CLEARWATER – Oliver is a standard poodle that tips the scales at roughly 60 pounds. But he and 48 other canines at Morton Plant Hospital are more than just family pets. They are part of a pet therapy program that has been credited with doing as much for patients and their loved ones as any medication.

“They ease the stress of people in waiting rooms and help patients cope with their medical issues,” said Sally Nitka, Oliver’s owner.

Launched in 1991 with a single dog, Sumi, owned by Mary Lou Warn, the dog therapy program at Morton Plant was one of the first in Pinellas County. At one point, 56 dogs were in the program. The highly skilled pooches have become friends with everyone from patients to nurses to janitors.

Suzanne Scott, manager of volunteer services, said not just any dog can become a therapy canine. Some breeds, due to their aggressive behavior and history, are barred from the program.

Breeds in the program range from toy poodles to German shepherds. All undergo intensive training and they must be certified before making their rounds at the hospital.

Under the auspices of Project PUP or Pets Uplifting People, the dogs and their owners undergo 13 weeks of training that is outlined by Therapy Dogs International, a volunteer organization dedicated to regulating and testing dogs and their volunteer handlers.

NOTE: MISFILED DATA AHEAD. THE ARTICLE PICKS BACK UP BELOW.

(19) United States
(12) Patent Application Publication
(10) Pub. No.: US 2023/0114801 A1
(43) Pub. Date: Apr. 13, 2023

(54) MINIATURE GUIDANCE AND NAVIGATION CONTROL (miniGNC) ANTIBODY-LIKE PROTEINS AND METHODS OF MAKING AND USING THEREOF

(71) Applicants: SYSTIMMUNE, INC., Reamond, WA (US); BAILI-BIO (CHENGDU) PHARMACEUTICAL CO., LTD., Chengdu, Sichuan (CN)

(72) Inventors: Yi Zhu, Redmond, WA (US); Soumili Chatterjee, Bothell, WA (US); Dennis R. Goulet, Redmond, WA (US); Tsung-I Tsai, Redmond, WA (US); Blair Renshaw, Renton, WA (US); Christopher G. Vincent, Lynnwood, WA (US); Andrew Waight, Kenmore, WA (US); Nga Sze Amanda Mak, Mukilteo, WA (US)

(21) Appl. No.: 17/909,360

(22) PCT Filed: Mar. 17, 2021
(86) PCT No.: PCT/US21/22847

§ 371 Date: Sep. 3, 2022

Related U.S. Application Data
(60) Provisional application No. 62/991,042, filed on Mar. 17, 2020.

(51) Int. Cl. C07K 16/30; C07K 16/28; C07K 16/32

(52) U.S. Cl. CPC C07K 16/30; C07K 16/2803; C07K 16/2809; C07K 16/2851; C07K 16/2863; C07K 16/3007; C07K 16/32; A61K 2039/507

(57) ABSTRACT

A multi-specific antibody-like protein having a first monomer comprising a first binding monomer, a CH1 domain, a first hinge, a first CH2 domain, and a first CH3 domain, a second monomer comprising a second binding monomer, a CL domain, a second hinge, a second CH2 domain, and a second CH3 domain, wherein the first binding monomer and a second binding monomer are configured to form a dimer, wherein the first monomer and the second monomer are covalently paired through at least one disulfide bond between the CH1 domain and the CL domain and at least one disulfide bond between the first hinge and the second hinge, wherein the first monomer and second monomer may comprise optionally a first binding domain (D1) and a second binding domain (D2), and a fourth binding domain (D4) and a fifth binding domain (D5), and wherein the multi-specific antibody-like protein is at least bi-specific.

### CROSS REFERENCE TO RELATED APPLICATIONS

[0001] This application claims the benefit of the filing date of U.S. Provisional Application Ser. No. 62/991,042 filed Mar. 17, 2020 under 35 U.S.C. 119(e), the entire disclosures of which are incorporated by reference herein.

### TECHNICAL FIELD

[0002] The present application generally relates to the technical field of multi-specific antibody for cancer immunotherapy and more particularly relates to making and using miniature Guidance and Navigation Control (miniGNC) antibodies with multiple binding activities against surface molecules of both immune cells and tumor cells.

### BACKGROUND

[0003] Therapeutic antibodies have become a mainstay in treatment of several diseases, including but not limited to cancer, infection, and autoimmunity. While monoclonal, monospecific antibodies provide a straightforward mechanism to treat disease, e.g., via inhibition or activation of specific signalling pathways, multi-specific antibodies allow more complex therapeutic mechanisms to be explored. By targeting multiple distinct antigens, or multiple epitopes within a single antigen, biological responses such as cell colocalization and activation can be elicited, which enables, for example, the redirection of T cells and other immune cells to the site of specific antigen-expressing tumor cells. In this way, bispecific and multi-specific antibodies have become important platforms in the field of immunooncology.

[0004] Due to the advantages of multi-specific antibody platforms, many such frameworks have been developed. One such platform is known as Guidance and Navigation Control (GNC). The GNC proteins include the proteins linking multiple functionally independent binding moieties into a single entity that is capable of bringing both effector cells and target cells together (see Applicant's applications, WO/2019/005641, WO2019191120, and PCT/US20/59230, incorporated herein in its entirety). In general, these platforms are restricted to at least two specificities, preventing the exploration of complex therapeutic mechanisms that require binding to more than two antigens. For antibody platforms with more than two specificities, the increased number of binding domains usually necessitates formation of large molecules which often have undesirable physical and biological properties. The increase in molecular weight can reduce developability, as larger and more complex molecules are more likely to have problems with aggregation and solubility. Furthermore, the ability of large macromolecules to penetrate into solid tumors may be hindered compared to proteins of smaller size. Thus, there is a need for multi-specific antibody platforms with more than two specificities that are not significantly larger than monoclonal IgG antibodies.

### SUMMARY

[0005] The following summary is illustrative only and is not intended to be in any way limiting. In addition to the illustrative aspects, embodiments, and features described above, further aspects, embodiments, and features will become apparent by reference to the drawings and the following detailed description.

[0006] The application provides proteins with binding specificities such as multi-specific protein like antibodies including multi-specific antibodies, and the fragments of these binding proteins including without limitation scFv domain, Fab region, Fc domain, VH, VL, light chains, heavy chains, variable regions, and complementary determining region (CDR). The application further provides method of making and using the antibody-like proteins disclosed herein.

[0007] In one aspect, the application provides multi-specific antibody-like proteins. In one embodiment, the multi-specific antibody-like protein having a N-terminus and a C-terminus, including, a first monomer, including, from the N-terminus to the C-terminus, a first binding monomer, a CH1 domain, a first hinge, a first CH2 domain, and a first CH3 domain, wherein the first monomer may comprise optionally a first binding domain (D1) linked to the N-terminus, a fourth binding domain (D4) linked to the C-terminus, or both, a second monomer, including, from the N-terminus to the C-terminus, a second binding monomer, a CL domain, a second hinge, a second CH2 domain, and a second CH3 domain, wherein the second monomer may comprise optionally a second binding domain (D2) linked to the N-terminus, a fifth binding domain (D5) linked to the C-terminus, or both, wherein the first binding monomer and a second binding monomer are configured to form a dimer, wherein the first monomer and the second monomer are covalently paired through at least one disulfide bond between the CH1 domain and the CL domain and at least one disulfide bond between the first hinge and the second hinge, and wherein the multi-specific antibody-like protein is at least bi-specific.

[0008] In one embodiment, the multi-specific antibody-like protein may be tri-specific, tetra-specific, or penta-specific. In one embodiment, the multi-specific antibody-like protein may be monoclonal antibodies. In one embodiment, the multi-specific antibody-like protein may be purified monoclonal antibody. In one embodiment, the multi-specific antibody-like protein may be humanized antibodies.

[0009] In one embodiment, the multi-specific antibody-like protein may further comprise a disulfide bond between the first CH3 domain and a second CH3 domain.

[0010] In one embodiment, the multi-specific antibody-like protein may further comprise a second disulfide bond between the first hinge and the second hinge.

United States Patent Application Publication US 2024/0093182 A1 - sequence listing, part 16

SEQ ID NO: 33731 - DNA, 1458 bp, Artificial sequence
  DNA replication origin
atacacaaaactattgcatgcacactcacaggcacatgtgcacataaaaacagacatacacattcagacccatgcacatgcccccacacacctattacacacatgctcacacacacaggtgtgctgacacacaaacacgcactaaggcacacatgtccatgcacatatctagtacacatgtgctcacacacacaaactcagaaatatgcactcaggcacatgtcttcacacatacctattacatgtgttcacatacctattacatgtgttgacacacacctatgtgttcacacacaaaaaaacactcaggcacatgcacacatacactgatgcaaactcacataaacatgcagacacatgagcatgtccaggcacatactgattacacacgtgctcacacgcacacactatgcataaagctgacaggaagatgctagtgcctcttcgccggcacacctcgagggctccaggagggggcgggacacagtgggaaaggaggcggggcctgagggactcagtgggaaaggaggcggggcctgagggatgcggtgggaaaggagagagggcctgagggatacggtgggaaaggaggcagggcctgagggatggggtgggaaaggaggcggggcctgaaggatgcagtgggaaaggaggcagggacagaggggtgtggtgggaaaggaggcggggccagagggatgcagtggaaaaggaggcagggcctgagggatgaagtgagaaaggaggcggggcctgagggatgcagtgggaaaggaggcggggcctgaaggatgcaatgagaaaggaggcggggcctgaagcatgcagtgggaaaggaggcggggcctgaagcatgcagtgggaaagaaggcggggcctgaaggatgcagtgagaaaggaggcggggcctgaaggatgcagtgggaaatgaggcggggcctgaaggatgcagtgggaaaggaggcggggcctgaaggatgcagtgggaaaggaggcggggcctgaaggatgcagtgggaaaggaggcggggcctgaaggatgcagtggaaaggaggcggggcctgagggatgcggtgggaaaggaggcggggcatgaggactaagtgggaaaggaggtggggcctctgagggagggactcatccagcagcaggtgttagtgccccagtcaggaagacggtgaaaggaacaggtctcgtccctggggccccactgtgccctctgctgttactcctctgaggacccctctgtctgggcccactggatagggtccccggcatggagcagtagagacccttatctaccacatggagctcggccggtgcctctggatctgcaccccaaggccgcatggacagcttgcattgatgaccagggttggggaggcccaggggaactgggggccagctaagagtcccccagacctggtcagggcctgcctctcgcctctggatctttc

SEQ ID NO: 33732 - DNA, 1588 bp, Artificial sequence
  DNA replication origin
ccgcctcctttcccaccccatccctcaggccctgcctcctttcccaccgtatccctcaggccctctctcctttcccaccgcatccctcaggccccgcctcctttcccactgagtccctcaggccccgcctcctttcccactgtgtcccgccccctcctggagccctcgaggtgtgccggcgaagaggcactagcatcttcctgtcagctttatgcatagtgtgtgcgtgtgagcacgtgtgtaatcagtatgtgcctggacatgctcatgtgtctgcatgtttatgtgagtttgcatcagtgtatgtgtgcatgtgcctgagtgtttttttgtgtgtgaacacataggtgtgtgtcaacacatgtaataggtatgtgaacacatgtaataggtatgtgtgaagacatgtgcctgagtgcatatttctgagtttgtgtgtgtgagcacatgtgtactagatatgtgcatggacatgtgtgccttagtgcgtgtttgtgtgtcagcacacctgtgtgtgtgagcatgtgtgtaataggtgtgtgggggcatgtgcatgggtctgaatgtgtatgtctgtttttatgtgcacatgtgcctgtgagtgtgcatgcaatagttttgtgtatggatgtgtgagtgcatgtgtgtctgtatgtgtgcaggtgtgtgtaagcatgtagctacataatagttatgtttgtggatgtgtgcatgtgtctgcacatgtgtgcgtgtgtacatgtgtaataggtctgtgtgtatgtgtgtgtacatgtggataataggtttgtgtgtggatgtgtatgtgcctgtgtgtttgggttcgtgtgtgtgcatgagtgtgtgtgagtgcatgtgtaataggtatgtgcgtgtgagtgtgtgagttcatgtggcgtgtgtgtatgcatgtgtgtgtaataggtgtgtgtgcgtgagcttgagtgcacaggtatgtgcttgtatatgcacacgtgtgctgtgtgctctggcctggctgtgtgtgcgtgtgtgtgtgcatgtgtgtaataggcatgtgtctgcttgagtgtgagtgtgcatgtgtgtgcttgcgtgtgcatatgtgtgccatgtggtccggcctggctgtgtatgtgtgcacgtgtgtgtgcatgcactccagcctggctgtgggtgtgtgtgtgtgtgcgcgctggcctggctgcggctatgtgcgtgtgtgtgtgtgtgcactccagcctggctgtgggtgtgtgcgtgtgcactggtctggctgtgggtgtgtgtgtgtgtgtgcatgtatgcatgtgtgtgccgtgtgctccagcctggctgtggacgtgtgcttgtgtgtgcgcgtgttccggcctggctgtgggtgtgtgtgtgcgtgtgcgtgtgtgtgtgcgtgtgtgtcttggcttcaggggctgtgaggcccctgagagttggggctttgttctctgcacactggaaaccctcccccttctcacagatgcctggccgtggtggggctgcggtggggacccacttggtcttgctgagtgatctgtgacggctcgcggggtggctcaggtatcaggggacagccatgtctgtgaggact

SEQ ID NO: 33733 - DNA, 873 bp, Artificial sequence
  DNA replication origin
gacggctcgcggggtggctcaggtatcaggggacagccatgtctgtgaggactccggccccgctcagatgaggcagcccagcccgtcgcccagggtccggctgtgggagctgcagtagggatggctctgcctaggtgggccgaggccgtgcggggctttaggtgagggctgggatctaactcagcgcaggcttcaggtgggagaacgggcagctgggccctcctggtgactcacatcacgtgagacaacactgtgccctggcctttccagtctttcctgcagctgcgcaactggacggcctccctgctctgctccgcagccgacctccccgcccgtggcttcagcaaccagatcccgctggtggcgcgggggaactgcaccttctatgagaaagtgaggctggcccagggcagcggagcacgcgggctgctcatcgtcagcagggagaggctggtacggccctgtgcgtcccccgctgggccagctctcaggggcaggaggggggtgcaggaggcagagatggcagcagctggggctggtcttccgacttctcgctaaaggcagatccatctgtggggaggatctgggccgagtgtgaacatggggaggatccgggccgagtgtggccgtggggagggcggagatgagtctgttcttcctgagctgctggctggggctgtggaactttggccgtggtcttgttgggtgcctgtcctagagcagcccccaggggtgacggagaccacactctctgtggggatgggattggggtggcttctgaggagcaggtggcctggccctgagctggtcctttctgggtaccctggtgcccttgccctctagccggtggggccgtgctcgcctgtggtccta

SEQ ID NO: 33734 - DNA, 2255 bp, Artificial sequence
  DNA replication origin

Founded in 1976, more than 24,000 dog/handler teams are now registered by TDI in the United States.

Nitka said dogs play important roles in hospitals, nursing homes and even in Hospice centers where they uplift the spirits of patients and help loved ones deal with the tragedies of terminal illnesses.

But dogs are not the only critters certified as “therapy animals.” Some facilities use cats, birds and even horses.

Everyone loves the idea of dogs visiting medical personnel and patients alike. Nurses provide them with gifts of treats, neckerchiefs and pats on the head.

“The first thing I do is ask a patient if he or she wants a four-legged visitor,” Nitka said.

Then Oliver or one of his peers takes over. Dogs are known to provide unconditional love, regardless of a human’s background, financial status or illness.

Once Oliver was asked to visit a patient who was on death’s doorstep. He placed his head under the man’s arm and stayed very quiet to provide comfort during the patient’s last living moments. Shortly thereafter the man died and his relatives were overcome with emotion.

“They could not thank Oliver enough for what he had done,” Nitka said.

It’s stories like that and a testimonial from a dying patient’s loved ones that is really touching and wonderful to hear told. Poodles and almost all dogs provide that pure kind of love that doesn’t care how old you are, if you have money or not, if you are sick or healthy, but just shows up for you 100 percent to just be there to love you. I hope this program continues and spreads to many other hospitals. If you love poodles as much as I do then I am sure you will have enjoyed this story about Poodles Who Provide Unconditional Love To Hospital Patients as much as I have.